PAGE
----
A bipartisan group of senators unveiled a proposal this week to allow the nation's smallest businesses to receive additional aid through the Paycheck Protection Program, a key coronavirus rescue fund that's poised to expire at the end of May.
Under the bill, introduced Tuesday by Senate Committee on Small Business & Entrepreneurship Chair Ben Cardin, D-Md., thousands of self-employed Americans could qualify for a bigger loan through the Paycheck Protection Program, the massive relief program that provides forgivable loans if businesses maintain payroll.
"Congress must pass this bill as quickly as possible so eligible small businesses have time to secure the aid they need before PPP closes on May 31," Cardin said Tuesday.
Self-employed individuals, independent contractors and sole proprietors could request a recalculation based on gross income – potentially increasing the size of their loan.
"The Biden administration has taken steps to make PPP more useful to farmers, ranchers and sole proprietors so making the changes retroactive is a matter of basic fairness," Cardin said.
The legislation, co-sponsored by Sens. Susan Collins, R-Maine, and James Lankford, R-Okla., would not extend the May 31 deadline for loan applications and would not appropriate additional money to the fund. As of last week, the program had about $44 billion remaining from the $292 billion allocated by Congress this year, SBA data shows.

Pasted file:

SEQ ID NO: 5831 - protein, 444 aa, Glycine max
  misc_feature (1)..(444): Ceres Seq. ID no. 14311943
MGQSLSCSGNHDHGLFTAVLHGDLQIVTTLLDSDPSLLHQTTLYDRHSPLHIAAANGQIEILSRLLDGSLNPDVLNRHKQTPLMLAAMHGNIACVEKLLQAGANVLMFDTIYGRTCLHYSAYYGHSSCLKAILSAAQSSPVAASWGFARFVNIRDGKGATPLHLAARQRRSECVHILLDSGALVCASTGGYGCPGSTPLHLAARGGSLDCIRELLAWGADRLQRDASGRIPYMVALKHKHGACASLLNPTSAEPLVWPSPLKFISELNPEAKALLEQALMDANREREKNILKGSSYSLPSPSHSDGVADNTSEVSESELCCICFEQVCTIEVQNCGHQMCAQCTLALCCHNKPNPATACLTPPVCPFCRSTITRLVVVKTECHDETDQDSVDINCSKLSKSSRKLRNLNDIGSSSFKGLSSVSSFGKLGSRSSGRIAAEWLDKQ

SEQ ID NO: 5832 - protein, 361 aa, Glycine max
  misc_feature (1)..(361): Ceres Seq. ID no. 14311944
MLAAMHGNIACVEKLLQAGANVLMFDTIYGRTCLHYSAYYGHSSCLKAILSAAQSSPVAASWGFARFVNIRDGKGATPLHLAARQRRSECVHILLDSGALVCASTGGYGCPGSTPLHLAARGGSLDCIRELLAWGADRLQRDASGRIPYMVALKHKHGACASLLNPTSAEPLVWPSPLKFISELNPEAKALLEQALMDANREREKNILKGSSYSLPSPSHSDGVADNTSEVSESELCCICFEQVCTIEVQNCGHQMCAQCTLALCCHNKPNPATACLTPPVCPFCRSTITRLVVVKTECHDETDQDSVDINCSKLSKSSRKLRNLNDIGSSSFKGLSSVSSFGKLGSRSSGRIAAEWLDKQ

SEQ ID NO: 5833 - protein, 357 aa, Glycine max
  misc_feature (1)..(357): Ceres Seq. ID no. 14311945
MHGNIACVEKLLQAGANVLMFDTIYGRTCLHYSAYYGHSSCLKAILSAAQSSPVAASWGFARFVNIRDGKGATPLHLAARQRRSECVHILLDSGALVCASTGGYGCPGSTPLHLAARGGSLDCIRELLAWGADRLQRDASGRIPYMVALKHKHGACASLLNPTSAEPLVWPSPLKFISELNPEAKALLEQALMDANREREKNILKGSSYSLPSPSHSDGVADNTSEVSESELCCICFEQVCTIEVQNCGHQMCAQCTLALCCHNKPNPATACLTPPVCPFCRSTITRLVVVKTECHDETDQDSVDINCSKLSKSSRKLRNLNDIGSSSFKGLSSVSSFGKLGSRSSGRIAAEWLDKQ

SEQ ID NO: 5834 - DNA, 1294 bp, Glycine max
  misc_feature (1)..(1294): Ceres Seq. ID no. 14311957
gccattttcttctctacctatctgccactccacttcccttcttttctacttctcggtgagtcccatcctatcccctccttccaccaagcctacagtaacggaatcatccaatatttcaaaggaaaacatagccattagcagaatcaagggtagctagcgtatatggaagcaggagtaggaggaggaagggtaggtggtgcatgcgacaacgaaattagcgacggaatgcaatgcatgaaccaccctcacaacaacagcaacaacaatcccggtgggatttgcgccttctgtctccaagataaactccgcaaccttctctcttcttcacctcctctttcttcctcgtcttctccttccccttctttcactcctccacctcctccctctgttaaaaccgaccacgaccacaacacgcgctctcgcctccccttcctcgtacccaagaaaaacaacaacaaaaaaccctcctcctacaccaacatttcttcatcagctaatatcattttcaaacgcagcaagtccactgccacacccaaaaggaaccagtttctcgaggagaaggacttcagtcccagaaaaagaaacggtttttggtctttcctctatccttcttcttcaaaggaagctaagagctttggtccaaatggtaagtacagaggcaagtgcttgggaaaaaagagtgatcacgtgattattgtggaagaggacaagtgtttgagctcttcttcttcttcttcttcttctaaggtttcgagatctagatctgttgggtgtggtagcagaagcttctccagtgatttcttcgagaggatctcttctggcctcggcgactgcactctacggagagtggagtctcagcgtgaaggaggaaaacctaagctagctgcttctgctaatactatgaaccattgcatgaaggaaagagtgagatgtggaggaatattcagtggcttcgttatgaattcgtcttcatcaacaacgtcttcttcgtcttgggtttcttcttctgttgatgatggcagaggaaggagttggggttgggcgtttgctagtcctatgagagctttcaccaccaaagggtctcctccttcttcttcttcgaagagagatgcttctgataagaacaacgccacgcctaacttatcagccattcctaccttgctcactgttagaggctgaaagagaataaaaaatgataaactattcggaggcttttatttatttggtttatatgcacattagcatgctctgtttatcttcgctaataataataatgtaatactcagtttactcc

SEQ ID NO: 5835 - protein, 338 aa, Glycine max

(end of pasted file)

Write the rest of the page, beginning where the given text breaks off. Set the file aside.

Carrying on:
The program, created just weeks after the pandemic took hold, has delivered about 9.9 million loans worth close to $762 billion in government-backed loans to small businesses over the year.
Congress voted last month to extend the program from March 31 to May 31, but did not appropriate additional funding – even though the remaining money will likely run out before the next deadline.
Any business with fewer than 500 employees can apply for a first-time loan, and any business that already received a PPP loan can apply for a second if it employs fewer than 300 workers.
Businesses can choose to spend the funds over any period of time between eight and 24 weeks. At least 60% of the money must be spent on maintaining payroll in order to receive full forgiveness.
The interest rate is still 1%.